The Sentencing Brief also refers to Mr Taylor’s position, both as President of Liberia and within the West African regional body. According to the Prosecution, this position distinguishes Mr Taylor from any other individual that has appeared before the SCSL: his abuse of authority was all the more egregious given that West African leaders had repeatedly entrusted him with a role to facilitate the peace process.
64-year-old Charles Taylor will be sentenced on May 30. His Defence Sentencing Brief has not yet been distributed. Oral arguments on the issue are scheduled for 16 May, when the accused will also be given a chance to address the Court in person.
For further details as to the recent events in the Charles Taylor case, click here.
For iLawyer Wayne Jordash’s analysis of the recent judgement, the dissent expressed by Mr Sow and the implications for the Special Court in general, click here.
May 3rd, 2012 by Admas Habteslasie
Heads of State of the East African Community (Source:AfricanArguments.org)
The legislative arm of the East African Community (EAC), the East African Legislative Assembly (EALA), passed a resolution on 26 April calling for the transfer of the ongoing ICC case against four Kenyan nationals to the regional East African Court of Justice (EACJ).
The four indictees (the ‘Ocampo Four’) have been charged in connection with their alleged involvement in the widespread violence in Kenya that followed the controversial presidential elections which took place in 2007. Kibaki and Odinga, who were both candidates at those elections, are now President and Prime Minister of Kenya respectively, following a power-sharing agreement that was subsequently implemented. Amongst the four charged are two individuals currently serving in the Kenyan government: Francis Kirimi Muthaura, head of the Kenyan civil service and Cabinet Secretary, and Uhuru Muigai Kenyatta, Deputy Prime Minister and former Minister for Finance. William Samoei Ruto, former higher education minister and Joshua Arap Sang, current head of operations at Kass FM in Nairobi, are also charged.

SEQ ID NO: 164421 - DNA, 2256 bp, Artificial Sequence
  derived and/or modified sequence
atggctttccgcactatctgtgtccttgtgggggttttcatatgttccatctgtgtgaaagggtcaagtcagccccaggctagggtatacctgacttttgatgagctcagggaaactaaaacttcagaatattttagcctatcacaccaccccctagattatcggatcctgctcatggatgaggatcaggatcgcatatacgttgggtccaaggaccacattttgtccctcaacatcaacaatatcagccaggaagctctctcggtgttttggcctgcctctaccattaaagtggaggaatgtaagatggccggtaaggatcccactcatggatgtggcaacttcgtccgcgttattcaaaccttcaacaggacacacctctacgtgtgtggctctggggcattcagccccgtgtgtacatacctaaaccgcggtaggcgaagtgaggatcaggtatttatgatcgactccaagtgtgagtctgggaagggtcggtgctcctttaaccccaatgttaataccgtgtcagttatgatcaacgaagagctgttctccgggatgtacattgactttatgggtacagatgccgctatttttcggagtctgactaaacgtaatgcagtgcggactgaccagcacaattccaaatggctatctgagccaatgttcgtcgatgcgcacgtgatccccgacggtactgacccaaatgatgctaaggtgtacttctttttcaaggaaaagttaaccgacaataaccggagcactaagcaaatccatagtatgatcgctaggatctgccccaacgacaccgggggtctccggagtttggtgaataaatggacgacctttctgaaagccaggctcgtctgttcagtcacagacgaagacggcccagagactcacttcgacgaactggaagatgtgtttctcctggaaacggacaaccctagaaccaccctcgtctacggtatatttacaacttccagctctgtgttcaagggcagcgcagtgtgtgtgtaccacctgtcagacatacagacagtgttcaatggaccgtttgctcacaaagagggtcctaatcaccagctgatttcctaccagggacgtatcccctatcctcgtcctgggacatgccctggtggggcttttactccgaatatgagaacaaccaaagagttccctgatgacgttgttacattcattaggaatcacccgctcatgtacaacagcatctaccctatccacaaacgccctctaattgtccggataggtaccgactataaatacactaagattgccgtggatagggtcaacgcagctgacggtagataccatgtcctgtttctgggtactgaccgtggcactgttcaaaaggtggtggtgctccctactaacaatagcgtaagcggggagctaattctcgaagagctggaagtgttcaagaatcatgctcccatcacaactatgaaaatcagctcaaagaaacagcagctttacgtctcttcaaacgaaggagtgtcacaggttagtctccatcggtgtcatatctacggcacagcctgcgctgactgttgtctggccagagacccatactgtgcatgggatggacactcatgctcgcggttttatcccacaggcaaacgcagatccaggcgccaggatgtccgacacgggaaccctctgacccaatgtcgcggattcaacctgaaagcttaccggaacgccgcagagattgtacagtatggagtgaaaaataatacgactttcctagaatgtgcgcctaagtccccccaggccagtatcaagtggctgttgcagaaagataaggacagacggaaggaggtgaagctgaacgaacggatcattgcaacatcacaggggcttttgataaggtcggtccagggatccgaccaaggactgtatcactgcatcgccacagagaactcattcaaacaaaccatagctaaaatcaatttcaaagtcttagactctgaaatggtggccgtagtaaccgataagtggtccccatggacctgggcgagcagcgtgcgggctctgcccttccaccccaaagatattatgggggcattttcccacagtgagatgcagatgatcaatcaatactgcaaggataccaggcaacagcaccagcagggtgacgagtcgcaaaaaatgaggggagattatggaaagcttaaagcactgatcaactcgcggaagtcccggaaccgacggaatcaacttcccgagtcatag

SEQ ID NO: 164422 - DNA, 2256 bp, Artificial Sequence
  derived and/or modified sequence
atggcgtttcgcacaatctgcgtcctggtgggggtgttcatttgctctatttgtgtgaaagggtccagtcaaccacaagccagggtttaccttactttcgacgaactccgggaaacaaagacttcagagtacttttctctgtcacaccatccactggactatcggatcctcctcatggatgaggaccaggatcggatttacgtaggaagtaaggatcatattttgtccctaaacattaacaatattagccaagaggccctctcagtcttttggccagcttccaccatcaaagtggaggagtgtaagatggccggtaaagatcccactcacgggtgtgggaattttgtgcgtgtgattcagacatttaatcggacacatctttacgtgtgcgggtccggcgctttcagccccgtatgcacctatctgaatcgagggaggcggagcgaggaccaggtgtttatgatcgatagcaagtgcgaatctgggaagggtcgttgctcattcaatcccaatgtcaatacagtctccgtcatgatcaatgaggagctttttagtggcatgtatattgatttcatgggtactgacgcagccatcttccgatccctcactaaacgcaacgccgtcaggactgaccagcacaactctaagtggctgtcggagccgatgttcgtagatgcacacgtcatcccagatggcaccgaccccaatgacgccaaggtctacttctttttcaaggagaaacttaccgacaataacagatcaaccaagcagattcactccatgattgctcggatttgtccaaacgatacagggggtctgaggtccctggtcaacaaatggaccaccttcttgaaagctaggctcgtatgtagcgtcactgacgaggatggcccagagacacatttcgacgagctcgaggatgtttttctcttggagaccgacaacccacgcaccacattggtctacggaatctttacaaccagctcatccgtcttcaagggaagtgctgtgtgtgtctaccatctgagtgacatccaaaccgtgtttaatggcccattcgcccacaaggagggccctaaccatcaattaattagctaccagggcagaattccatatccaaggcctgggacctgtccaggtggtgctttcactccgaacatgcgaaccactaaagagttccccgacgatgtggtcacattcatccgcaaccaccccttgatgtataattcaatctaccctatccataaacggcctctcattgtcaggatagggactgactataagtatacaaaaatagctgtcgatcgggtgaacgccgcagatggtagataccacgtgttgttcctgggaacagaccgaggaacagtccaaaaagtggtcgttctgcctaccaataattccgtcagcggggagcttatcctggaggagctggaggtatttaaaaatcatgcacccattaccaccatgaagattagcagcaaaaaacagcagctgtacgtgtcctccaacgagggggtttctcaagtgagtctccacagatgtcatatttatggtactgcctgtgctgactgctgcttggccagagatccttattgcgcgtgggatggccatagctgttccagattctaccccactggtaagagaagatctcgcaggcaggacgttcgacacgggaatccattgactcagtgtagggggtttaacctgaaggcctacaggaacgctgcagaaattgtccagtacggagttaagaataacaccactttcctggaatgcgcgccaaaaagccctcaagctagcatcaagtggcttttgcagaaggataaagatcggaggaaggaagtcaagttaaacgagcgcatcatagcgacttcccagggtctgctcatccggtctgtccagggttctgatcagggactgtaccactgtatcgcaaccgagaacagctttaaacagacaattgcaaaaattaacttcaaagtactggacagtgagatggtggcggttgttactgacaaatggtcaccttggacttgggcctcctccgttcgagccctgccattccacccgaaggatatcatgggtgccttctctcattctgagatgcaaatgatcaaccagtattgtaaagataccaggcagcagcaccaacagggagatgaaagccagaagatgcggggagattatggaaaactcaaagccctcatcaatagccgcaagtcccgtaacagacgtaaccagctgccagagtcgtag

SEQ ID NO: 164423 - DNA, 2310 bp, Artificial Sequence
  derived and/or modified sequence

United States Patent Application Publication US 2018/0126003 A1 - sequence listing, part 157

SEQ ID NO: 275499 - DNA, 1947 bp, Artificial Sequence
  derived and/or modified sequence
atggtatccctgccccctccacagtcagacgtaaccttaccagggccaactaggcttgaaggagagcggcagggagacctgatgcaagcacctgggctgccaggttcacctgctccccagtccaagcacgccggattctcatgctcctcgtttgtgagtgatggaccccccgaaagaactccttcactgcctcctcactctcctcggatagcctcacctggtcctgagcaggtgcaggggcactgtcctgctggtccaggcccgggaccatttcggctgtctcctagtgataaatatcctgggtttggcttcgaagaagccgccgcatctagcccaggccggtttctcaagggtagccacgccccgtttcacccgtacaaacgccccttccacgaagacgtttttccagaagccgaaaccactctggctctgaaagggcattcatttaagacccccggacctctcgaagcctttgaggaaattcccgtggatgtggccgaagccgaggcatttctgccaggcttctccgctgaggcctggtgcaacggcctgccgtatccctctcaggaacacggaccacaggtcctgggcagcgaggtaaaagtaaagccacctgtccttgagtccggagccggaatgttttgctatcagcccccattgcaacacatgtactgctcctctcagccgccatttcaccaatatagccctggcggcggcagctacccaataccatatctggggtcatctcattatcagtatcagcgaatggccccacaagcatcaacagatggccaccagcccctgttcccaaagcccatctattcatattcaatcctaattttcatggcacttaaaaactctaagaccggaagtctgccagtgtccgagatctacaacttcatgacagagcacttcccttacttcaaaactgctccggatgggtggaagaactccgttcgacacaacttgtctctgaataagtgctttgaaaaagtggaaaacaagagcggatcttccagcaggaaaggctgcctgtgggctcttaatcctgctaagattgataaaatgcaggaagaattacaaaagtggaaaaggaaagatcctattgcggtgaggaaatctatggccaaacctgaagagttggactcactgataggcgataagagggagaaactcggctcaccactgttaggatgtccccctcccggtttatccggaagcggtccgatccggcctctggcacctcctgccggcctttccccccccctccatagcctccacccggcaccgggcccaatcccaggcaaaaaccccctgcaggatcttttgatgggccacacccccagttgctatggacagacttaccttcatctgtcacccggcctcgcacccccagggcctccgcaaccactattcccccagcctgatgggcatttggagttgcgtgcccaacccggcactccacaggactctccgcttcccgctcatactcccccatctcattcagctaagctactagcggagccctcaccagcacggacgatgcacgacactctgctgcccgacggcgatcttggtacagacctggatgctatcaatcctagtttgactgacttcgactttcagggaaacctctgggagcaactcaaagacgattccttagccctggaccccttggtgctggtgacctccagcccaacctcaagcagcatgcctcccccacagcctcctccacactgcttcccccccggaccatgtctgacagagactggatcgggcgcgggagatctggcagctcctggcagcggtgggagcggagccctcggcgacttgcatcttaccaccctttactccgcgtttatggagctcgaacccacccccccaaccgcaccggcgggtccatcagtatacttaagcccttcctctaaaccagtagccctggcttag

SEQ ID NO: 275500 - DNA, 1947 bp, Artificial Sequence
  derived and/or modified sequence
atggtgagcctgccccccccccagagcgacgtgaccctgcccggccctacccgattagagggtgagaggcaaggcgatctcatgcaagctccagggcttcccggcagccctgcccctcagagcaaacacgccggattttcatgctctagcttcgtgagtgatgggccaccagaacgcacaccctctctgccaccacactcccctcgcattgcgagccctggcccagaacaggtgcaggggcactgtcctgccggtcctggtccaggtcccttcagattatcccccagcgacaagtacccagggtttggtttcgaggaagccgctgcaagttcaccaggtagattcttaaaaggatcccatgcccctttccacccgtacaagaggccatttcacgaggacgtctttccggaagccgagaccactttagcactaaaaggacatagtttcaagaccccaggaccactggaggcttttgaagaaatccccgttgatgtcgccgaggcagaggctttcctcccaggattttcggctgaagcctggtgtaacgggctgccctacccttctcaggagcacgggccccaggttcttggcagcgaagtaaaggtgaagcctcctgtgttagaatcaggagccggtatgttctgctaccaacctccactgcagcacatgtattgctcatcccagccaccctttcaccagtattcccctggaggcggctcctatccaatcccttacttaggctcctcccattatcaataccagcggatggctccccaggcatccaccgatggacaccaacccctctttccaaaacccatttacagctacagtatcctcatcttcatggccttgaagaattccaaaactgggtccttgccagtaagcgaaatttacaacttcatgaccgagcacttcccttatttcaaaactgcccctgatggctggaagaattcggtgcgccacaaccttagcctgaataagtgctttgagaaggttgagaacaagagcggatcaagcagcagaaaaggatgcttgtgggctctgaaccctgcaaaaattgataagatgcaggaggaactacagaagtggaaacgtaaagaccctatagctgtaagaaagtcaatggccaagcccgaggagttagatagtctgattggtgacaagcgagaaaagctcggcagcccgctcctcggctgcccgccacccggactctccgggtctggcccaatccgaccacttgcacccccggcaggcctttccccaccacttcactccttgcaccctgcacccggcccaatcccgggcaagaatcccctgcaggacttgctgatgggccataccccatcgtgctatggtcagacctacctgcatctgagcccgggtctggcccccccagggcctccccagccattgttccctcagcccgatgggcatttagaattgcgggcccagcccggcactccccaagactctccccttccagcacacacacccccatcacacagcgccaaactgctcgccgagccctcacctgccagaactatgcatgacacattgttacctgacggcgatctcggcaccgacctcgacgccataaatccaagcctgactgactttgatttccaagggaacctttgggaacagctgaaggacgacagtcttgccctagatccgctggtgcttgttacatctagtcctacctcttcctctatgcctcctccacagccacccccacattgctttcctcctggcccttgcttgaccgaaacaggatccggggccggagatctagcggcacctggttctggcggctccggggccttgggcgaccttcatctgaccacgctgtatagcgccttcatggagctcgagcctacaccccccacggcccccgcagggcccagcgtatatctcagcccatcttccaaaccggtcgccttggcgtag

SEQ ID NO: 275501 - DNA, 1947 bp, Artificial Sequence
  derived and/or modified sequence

Continue reading ‘East African Community asks ICC to transfer Ocampo Four cases’
May 3rd, 2012 by Shannon Torrens
Saloth Ban, the nephew of deceased Khmer Rouge leader Pol Pot and former Secretary General in the Ministry of Foreign Affairs for Democratic Kampuchea has given evidence at the Extraordinary Chambers in the Courts of Cambodia (ECCC) in relation to Case 002 of Ieng Sary, Nuon Chea and Khieu Samphan. The witness told the court that Pol Pot showed no favouritism towards any of his family and no one was immune from the regime’s actions. He gave the example of Pol Pot’s oldest sister-in-law Khieu Thirath, who was killed in a Khmer Rouge security centre. For this reason Saloth Ban said that despite his family connection to Pol Pot, he feared the regime and the danger it posed to his own family’s wellbeing.
In this vein, the witness, now sixty seven years of age gave evidence that he lived in fear of the “terrifying” regime, as did the Foreign Minister, Ieng Sary. The witness described the inner workings of the Khmer Rouge regime and in particular the mechanisms of Ieng Sary’s Foreign Ministry. Saloth Ban told the court that there had been mass arrests inside the Foreign Ministry, claiming that cadre had been urged to seek out “internal enemies” of the regime. Saloth Ban further said that Ieng Sary had called on intellectuals such as Professors living abroad to return to the country and when they did, he detained them at Boeung facility in Phnom Penh. The witness said that from time to time a security cadre named “Pang” would visit the ministry and arrest people who had returned from abroad. Saloth Ban’s testimony corroborates that of S-21 prison Chief Duch and is part of the Prosecution’s attempt to tie Khmer Rouge leaders Ieng Sary, Nuon Chea and Khieu Samphan together as part of a Joint Criminal Enterprise.
Continue reading ‘Pol Pot’s Nephew Saloth Ban Gives Evidence at the ECCC’
May 3rd, 2012 by Anna Bonini
Significant developments are reported this week in relation to the proceedings brought in Canada and in Denmark against suspected Rwandan genocidaires.
In Ottawa, Mr Jacques Mungwarere, a former Rwandan schoolteacher, is accused of having taken part in mass killings of civilians, including notorious massacres in two churches and a hospital in Kibuye. He is being prosecuted under Canada’s Crimes Against Humanity and War Crimes Act 2000, which grants the court extra-territorial jurisdiction. Mr Mungwarere had initially chosen to have his case heard before both a trial and a jury, an unprecedented decision for a genocide suspect. On 30 April, however, Mr Munwarere changed his mind and elected to be tried by a judge alone. The group of potential jurors was therefore dismissed.
In Copenhagen, the Danish Supreme Court announced that a Rwandan accused residing in Denmark and suspected of playing an important role in the 1994 genocide can be tried before Danish courts in relation to those events. The identity of the accused remains, for the time being, unknown. He is suspected of the killing of ‘many Tutsis’ in April and May 1994 at road blocks and at a location known as Kabuye Hill, where the victims had sought refuge. The trial against him will start next September in Roskildewhen. Danish officials wonder whether the Rwandan authorities will co-operate in the proceedings by sending witnesses to the trial. The Rwandan Government previously expressed its dissatisfaction with the handling of the case, and with Denmark’s decision not to hand over the suspect in spite of a pending extradition request by Rwanda.